Please use this identifier to cite or link to this item: https://hdl.handle.net/11681/6267
Title: Microbiological control of Eurasian watermilfoil
Authors: University of Massachusetts at Amherst. Department of Environmental Sciences.
Aquatic Plant Control Research Program (U.S.)
Gunner, Haim B., 1924-
Keywords: Aquatic plant control
Aquatic plants
Aquatic weeds
Biological control
Biocontrol
Microorganisms
Eurasian watermilfoil
Myriophyllum spicatum
Issue Date: Jun-1983
Publisher: Environmental Laboratory (U.S.)
Engineer Research and Development Center (U.S.)
Description: Miscellaneous Paper
Abstract: Cellulolytic and pectinolytic microorganisms were isolated from the microbial populations naturally resident in the phyllosphere of Eurasian watermilfoil, Myriophyllum spicatum and of M. heterophyllum. The yield of their respective operative enzymes was maximized by growth in appropriate cellulose and pectin media; the organisms, when subsequently applied to the plants, accelerated the plants' necrosis and decline. That cellulose and pectin are particularly vulnerable target tissues in Myriophyllum spp. was confirmed by the significant increase in plant necrosis achieved over untreated controls by the simple addition of sterile cellulose and pectin media to respective test chambers. Presumably this reflected the selective stimulus provided by these substrates to the resident cellulolytic and pectinolytic microflora. A consortium of cyanobacteria associated with Myriophyllum was also found to accelerate necrosis, as did its sterile growth medium; again, presumably, as a reflection of the selective stimulus provided to the cyanobacteria in the phyllosphere. The species determination of phyllosphere residents was reflected in the significantly higher pathogenic potential of the isolates from M. spicatum to that species than to M. heterophyllum. The results suggest that microorganisms native to the Myriophyllum ecosystem, particularly those selected for their ability to attack specific plant tissues or, alternatively, amendments applied to the environment stimulating the growth of such populations, offer promising avenues for the biological control of these aquatic nuisance plants.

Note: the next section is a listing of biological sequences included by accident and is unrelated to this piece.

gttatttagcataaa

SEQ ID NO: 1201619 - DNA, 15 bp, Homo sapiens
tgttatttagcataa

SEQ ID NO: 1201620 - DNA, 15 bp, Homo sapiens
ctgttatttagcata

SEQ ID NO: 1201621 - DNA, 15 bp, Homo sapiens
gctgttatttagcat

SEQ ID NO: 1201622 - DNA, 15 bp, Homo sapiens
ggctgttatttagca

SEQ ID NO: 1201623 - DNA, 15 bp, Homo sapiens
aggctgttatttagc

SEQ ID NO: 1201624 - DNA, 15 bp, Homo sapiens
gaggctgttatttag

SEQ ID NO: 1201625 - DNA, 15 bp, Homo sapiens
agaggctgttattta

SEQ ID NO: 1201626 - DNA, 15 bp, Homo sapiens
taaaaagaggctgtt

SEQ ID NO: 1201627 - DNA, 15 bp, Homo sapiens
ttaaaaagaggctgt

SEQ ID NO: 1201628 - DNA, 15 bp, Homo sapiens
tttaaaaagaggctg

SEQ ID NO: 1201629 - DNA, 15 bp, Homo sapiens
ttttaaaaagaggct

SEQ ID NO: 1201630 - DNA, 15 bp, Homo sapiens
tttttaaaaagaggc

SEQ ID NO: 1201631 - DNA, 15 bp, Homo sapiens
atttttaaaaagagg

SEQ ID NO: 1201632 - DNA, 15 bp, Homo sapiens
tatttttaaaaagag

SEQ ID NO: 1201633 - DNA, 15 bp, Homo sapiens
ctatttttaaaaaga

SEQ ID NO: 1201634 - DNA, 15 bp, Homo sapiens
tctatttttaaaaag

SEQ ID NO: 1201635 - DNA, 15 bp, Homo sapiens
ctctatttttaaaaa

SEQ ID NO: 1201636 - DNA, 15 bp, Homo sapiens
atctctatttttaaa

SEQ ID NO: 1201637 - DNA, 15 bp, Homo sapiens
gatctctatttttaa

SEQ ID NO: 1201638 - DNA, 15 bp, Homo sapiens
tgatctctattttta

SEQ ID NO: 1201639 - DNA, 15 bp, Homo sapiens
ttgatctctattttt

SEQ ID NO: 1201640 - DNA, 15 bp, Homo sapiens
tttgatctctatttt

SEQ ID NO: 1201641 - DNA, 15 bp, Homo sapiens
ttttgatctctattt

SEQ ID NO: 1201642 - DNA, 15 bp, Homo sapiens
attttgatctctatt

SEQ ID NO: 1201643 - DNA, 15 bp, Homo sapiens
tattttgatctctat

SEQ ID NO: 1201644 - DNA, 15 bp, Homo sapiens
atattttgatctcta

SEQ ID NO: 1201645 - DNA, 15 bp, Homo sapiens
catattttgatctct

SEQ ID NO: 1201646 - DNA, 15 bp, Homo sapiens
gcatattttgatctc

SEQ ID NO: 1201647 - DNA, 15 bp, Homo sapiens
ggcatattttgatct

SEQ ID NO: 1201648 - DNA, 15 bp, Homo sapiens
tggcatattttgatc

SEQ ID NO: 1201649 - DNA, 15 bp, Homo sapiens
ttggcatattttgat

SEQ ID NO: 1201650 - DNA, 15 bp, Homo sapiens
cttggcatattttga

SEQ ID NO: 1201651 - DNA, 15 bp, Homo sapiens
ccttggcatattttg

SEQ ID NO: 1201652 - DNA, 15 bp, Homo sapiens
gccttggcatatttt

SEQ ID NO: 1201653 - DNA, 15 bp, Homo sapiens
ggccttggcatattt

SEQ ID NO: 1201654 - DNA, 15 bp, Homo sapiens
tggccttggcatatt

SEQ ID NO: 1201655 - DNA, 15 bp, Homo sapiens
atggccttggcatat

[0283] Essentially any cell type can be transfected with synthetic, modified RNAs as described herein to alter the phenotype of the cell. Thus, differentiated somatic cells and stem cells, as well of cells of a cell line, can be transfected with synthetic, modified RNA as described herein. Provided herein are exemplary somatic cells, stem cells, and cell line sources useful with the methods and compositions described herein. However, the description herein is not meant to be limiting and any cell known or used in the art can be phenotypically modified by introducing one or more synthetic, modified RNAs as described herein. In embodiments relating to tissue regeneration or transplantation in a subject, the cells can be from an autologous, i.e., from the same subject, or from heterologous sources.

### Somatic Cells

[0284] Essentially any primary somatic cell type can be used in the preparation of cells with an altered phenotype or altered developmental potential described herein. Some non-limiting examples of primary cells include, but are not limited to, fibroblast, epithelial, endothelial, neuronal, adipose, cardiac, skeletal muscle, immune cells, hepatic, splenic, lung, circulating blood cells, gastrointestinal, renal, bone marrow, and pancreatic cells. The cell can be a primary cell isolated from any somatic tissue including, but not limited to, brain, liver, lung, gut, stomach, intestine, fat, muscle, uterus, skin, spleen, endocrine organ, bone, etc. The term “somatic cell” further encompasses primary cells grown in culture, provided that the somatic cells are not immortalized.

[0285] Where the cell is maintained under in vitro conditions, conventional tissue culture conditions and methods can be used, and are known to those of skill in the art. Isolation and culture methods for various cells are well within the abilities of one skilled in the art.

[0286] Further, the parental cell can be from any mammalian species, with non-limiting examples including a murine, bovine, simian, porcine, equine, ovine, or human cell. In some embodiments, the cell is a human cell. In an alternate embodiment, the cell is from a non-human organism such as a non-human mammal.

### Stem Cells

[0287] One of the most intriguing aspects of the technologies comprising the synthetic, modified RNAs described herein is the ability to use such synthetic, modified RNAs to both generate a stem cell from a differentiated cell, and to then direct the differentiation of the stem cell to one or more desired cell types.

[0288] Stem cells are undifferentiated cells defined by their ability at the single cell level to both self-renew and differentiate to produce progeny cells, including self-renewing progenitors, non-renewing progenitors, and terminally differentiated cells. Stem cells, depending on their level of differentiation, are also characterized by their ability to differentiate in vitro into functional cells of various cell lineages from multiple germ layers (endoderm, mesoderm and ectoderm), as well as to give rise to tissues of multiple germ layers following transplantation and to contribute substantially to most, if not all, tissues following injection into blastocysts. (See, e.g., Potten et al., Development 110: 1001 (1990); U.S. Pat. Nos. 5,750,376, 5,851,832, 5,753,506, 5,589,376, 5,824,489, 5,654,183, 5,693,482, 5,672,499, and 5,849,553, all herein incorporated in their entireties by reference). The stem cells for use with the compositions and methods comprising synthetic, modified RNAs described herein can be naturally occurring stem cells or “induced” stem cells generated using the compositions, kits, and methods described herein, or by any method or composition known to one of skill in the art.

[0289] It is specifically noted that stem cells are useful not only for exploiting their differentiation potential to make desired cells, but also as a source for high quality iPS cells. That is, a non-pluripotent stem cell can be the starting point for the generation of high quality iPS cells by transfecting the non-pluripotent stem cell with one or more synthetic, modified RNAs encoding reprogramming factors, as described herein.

URI: http://hdl.handle.net/11681/6267
Appears in Collections:Miscellaneous Paper

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